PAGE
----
I was having a discussion with an associate about recruiting, managing and retention (you know, the usual stuff) when they said something that I thought summed the challenges that exist in all these realms in a very simple way. It went something like this:
Boomers – were happy with what they got
Gen Xers – worked for what they wanted
Gen Y’s – aren’t afraid to ask for what they want
Tweens – know what they want and just expect it!
As another associate said, “that’s profound!” and I believe it is. Don’t you hear and see these contradictory views every day? The head honcho who is probably a Boomer or Gen X’er expects young people to work as hard as they did and maintain the attitudes that you are just lucky to have a job or should work for what you want. While Gen Y’s are just coming out and asking for what Boomers and X’s spent so many years working for and Tweens, well, they just expect to get what you have.
Is there really a better way to describe the difference in expectations between generations? I don’t think so!
I also read an article this week that talked about how a recent study showed a direct line to your company’s success by the way that you treat your line staff or lowest level employees. The better they are treated and the more respected they feel the more business your company will get and the greater the potential for profits. That makes sense doesn’t it? But how many companies treat their line staff or the people at the bottom the best? Not many.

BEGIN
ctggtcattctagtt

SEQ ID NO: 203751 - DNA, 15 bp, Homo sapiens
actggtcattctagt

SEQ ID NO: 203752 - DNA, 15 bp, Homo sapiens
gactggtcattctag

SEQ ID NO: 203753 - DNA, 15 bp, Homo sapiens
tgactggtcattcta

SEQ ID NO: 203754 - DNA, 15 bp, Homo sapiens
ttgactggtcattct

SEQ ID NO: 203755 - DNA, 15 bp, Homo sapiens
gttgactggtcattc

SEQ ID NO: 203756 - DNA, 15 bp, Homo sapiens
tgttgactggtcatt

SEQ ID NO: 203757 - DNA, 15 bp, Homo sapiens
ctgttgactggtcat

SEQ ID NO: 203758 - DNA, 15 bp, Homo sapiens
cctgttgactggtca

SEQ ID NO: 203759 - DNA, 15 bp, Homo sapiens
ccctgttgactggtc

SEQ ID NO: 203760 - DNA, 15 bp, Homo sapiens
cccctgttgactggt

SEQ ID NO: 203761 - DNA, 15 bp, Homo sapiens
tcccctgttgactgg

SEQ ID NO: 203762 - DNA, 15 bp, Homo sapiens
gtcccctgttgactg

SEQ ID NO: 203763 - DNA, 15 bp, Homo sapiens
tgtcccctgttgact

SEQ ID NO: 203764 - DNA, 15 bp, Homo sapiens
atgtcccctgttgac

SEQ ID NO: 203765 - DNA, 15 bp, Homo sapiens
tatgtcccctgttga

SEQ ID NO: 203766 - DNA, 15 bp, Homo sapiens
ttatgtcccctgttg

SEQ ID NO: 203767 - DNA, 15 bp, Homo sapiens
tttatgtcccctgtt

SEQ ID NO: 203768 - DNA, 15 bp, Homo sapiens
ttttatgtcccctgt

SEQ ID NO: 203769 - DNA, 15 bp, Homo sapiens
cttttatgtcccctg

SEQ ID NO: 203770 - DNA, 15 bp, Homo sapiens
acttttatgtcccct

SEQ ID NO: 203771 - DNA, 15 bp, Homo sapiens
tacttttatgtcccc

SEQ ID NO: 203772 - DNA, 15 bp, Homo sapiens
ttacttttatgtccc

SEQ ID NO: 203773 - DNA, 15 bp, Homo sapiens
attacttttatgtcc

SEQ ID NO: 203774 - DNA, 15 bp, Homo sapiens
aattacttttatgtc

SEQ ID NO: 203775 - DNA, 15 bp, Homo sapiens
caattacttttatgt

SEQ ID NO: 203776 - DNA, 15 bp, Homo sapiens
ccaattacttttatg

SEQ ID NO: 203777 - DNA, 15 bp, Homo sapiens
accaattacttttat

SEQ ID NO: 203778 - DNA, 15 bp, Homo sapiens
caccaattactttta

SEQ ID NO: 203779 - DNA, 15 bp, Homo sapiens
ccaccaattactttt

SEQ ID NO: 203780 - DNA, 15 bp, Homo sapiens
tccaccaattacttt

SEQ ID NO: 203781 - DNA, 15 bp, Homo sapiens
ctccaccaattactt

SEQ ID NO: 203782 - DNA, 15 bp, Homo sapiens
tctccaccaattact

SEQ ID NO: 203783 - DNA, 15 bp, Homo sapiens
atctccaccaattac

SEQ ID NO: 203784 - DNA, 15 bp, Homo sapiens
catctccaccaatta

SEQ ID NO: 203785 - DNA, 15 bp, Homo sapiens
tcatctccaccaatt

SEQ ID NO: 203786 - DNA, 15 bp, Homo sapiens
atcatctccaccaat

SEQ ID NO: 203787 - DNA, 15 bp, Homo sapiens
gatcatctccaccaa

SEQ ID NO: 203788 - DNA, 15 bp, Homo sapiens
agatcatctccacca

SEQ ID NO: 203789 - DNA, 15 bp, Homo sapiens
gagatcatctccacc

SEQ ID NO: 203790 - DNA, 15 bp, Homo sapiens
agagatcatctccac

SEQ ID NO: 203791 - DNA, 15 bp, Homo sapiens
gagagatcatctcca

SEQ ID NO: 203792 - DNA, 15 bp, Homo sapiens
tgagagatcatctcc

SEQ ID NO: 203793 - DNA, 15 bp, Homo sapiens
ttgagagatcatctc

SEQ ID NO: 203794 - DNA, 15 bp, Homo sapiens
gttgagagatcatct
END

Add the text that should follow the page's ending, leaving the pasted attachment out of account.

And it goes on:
If we go back to the expectations of each generation it is easy to see why your people might not feel they are treated the best or with respect.
At the end of the day, a manager’s role is to get the best performance out of their people, right? How is the best way to accomplish this? By bending and breaking employees to do it “your way” or creating an environment where they feel they have some input in to the way things are done?
An expression comes to mind. What is the best way to stop a charging horse? Jump in front of him and try to stop him or jump on his back and steer him in the direction you want him to go?